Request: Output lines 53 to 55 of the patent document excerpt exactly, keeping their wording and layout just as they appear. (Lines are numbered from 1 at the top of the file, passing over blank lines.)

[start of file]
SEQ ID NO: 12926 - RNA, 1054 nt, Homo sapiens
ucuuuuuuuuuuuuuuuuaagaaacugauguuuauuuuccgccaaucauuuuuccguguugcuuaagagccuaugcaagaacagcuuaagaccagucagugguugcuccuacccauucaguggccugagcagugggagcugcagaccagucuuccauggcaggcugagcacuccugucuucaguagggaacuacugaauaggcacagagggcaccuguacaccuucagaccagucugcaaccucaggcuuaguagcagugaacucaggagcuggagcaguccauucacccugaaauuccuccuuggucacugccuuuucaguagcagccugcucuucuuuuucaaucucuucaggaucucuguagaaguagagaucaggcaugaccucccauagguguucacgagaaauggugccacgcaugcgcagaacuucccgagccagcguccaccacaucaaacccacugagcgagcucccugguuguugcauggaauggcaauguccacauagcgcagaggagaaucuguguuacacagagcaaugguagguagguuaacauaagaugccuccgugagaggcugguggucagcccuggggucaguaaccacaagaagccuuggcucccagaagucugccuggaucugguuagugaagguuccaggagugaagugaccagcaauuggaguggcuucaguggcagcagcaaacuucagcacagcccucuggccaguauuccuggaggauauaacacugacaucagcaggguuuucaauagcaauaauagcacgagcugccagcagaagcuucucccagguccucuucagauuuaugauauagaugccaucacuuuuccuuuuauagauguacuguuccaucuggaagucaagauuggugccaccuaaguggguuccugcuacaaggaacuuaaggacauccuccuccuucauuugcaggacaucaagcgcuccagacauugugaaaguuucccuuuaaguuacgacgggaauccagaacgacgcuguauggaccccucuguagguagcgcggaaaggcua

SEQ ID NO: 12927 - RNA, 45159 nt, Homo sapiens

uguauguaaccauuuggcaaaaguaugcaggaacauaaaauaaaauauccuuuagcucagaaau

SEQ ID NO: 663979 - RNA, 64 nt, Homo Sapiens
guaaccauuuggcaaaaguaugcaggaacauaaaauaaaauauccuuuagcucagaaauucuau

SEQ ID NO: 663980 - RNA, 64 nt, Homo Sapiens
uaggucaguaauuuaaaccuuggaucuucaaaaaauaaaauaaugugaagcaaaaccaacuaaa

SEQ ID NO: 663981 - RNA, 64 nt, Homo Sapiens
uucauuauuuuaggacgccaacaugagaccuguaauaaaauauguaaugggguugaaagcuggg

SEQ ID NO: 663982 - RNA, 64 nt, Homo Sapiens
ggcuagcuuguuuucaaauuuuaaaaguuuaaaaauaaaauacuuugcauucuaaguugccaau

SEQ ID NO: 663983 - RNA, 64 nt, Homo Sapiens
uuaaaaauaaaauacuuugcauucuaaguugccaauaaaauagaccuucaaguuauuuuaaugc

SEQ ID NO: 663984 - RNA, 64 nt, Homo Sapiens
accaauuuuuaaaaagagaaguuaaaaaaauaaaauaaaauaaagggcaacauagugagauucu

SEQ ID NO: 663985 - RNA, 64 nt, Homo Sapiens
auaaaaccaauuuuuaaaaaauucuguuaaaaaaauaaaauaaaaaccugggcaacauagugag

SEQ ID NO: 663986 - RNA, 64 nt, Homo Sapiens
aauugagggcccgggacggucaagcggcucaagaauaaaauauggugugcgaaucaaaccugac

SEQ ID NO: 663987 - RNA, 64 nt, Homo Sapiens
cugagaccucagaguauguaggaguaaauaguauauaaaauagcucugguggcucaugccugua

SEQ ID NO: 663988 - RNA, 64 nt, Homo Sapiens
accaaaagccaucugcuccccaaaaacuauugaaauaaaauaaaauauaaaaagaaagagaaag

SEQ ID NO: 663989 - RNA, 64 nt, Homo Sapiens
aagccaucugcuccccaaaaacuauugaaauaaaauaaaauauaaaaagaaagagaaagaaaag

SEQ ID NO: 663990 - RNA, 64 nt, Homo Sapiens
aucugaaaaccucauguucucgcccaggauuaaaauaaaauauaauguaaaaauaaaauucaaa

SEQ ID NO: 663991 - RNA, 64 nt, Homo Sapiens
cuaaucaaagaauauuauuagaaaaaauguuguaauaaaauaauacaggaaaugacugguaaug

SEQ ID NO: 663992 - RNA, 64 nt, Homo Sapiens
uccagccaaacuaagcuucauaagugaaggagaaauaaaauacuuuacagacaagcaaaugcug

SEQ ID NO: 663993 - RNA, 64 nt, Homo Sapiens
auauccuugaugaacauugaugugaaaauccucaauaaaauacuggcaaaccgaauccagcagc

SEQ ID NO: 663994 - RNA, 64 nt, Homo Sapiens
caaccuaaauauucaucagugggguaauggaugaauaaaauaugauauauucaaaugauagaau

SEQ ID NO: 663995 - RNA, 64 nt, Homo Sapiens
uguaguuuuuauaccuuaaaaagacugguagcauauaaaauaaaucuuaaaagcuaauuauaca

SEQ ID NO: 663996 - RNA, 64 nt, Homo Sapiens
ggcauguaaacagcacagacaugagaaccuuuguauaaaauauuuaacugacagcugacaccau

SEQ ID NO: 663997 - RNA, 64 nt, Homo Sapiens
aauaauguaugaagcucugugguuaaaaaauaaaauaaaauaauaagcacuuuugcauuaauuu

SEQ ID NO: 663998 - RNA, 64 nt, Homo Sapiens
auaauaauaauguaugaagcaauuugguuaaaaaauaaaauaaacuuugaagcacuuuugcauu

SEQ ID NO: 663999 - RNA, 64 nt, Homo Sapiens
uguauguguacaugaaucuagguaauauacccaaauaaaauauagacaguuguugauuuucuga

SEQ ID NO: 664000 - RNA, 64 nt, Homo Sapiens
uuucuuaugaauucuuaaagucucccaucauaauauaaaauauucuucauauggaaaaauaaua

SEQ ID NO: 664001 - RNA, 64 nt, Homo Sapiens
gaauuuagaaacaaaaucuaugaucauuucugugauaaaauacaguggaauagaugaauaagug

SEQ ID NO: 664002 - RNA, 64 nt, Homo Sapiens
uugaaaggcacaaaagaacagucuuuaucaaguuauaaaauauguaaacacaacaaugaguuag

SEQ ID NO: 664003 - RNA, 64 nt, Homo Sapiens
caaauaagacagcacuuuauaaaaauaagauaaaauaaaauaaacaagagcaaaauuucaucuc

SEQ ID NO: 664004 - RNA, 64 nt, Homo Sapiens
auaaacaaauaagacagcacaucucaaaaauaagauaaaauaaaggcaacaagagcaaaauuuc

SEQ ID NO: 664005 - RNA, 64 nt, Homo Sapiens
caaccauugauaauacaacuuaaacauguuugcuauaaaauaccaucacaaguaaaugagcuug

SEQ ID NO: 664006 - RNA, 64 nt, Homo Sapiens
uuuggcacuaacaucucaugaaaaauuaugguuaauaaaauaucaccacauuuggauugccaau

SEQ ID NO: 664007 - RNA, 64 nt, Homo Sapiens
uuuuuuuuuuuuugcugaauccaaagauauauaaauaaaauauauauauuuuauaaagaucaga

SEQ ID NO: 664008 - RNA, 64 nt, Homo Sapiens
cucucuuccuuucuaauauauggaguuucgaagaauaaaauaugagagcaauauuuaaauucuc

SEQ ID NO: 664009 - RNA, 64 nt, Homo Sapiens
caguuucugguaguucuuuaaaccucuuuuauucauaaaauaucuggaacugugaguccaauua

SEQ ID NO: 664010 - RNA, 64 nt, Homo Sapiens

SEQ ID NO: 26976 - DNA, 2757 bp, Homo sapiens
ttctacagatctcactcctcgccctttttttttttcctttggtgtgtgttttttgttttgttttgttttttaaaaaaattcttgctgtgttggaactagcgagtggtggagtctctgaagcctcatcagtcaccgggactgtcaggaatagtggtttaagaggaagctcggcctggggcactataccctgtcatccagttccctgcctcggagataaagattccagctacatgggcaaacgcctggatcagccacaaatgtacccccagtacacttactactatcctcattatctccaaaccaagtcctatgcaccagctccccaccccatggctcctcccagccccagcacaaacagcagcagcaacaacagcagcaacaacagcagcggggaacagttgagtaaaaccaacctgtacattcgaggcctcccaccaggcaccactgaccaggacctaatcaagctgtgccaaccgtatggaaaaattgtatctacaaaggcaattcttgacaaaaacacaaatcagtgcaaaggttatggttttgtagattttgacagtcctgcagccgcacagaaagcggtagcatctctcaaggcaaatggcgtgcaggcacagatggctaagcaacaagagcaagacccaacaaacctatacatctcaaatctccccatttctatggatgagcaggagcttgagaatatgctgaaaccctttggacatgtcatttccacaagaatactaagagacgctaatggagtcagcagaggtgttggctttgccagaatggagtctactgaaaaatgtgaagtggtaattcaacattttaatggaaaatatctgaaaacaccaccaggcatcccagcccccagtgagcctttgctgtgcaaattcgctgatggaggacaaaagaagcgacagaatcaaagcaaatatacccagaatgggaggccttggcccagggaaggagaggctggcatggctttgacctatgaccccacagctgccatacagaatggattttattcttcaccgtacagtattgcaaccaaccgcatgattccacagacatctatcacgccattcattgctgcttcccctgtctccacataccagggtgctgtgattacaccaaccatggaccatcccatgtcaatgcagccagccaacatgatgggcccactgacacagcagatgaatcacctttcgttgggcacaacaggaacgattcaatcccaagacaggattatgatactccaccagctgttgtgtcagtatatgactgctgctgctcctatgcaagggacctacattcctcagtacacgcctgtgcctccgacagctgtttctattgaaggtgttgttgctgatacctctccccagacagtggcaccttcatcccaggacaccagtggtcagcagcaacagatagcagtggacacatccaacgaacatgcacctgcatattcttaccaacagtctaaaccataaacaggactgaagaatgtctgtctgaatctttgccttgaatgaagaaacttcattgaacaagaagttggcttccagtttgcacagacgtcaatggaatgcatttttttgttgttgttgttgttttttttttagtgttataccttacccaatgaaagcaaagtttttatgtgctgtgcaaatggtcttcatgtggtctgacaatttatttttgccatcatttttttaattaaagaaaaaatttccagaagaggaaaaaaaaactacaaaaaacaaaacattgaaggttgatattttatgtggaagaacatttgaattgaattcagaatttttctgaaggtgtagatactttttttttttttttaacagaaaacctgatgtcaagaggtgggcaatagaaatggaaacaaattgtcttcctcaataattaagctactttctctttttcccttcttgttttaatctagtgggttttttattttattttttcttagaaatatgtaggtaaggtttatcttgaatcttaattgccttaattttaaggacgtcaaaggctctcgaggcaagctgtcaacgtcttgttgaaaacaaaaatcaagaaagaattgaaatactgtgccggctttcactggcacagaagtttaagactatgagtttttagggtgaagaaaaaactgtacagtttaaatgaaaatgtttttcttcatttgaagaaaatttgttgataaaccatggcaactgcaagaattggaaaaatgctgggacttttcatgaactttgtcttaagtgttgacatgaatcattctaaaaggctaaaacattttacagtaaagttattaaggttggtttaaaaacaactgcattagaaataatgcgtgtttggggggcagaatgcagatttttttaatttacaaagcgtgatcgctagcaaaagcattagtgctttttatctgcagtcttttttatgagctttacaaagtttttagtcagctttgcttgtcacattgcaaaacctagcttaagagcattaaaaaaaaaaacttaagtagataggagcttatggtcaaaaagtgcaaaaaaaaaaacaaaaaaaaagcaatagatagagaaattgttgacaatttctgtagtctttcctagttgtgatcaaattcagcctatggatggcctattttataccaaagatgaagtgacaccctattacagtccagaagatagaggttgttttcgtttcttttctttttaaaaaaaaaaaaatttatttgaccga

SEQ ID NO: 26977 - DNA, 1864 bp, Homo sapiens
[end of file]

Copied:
SEQ ID NO: 664003 - RNA, 64 nt, Homo Sapiens
caaauaagacagcacuuuauaaaaauaagauaaaauaaaauaaacaagagcaaaauuucaucuc

SEQ ID NO: 664004 - RNA, 64 nt, Homo Sapiens